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The Omen (2006)

Duration 1h 50m Rating (UK) 15
Source of story The 1976 film, actually scripted by the same writer, and to all intents the same film, updated.
Writers/Script David Selzer
Additional Info This is my own bit of trivia: When the ambassador meets the priest in the rain under a London arch a figure in red can be seen running across the background. Is this a tribute to Don’t Look Now?
Director John Moore
Starring Liev Schreiber, Giovani Lombardo Radice, Julia Stiles, David Thewlis, Pete Postlethwaite, Mia Farrow, Nikki Amuka-Bird, Michael Gambon
Elevator Pitch When a diplomat’s newly born son dies in an Italian hospital, he is offered a substitute and accepts without his wife’s knowledge. Then as a result of an unlikely series of accidents and events he is promoted to ambassador for USA in Britain. The child’s nanny commits suicide and is replaced by a woman who may have ulterior motives,  then the abassador is approached by a priest who tells him that the child is the devil and will cause his wife and unborn child to die, as a step to taking over the world. What to do?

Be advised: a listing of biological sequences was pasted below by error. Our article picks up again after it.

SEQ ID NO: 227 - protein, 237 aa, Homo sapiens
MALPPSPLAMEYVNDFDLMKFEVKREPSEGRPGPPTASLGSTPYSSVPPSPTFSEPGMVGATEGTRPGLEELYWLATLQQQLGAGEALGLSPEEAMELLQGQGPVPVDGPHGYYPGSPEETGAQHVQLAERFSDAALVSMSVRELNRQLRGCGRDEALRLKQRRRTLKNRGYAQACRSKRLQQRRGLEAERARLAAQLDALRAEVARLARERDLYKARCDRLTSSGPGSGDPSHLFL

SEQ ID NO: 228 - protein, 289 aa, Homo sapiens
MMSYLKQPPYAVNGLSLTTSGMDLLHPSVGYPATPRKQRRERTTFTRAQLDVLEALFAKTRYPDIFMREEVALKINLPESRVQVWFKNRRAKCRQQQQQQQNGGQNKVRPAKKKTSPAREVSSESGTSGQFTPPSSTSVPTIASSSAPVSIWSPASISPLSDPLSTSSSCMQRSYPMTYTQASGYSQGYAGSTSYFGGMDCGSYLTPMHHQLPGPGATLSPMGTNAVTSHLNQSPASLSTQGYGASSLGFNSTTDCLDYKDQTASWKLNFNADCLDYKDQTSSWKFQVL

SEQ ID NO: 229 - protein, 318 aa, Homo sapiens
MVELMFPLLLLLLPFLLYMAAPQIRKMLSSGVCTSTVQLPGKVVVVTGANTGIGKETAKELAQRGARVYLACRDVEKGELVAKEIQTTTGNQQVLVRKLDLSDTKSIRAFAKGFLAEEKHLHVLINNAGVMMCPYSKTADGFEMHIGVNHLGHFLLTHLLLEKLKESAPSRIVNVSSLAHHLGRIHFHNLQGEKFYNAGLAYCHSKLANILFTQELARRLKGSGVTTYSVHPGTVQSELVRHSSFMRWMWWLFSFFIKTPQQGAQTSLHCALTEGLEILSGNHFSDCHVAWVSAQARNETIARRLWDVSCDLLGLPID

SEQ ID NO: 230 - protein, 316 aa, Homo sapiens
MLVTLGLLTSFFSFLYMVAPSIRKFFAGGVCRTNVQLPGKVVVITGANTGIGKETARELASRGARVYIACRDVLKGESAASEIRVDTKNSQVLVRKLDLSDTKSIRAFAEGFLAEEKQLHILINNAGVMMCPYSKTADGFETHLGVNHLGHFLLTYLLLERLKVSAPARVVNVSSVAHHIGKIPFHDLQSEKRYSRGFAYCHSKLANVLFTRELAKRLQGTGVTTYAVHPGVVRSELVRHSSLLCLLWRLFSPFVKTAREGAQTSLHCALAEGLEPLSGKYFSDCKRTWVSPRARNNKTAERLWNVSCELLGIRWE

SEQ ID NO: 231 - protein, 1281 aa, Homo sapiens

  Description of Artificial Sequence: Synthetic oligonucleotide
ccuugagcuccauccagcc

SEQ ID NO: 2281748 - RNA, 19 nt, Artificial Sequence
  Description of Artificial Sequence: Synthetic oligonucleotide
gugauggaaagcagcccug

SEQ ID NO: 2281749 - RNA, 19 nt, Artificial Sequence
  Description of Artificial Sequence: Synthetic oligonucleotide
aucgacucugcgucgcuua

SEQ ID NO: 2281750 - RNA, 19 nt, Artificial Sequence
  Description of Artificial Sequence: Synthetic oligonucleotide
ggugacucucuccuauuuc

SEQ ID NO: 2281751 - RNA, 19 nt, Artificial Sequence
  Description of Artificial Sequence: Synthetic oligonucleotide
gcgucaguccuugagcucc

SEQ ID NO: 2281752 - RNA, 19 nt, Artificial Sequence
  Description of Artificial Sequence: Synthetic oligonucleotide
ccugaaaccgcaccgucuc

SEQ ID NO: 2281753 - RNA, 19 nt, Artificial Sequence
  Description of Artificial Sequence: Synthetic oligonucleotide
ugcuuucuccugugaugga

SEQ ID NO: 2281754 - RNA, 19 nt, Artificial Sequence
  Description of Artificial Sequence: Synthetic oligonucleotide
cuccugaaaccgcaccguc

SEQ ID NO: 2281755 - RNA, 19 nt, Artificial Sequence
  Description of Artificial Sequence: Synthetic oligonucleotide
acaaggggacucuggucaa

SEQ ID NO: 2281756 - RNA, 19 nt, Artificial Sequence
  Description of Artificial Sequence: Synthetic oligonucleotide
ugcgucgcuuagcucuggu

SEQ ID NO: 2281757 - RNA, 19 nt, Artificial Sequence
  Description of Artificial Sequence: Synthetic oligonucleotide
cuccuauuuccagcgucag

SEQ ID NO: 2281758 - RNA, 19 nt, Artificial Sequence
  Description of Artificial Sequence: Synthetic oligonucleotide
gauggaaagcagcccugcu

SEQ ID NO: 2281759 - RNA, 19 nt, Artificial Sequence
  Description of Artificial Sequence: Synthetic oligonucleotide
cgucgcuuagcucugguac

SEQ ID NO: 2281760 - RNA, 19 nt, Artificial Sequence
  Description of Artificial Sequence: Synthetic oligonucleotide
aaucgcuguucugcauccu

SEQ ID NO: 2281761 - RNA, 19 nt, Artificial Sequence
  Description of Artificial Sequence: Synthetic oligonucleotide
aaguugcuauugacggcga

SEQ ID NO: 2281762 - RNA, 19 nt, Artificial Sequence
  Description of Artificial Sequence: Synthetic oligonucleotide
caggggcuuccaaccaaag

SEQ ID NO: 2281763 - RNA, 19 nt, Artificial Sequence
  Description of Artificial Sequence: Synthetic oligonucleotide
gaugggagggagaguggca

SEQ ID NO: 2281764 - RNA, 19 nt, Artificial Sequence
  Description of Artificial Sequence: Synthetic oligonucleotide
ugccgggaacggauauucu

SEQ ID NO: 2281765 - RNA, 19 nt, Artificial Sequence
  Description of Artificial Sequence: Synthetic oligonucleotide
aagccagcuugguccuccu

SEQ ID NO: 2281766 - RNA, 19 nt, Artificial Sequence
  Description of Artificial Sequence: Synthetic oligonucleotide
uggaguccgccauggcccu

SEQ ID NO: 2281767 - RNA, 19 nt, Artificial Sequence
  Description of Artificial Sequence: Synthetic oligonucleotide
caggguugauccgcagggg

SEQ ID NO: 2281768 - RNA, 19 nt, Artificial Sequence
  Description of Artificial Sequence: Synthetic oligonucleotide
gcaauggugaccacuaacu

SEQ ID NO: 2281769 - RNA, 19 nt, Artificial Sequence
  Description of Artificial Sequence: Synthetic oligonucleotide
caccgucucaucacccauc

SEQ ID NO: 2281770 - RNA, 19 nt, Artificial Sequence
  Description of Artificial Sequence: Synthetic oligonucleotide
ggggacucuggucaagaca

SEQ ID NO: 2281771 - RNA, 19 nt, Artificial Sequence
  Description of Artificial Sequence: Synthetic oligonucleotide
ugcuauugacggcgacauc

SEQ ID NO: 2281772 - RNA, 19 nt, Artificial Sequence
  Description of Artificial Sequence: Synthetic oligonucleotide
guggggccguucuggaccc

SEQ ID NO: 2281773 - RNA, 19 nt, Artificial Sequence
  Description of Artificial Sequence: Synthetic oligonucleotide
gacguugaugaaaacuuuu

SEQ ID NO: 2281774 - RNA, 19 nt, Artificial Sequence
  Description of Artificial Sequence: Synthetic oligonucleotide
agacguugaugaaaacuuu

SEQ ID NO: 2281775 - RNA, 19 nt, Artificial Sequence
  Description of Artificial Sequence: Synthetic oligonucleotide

Content Accidents happen, ambassadorial events take place, creepy stuff happens in the luxury house, some of them involving dogs. The ambassador and a friendly photographer go on a journey to Italy and Israel to find out the truth of the predictions, and to determine what should be done next.
A View This movie was panned by the critics, except for Roger Ebert who thought it was better than the original. I don’t remember the original that well, but I though this version was pretty good, possibly because the photography gives it a slightly surreal edge. Some relatively unimportant scenes are absolutely terrific, and despite the negative reviews it made money. Worth your time as long as you are not determined that the 1976 version is an unrepeatable classic.

About Victor R Gibson

Author of this site three technical books and two novels


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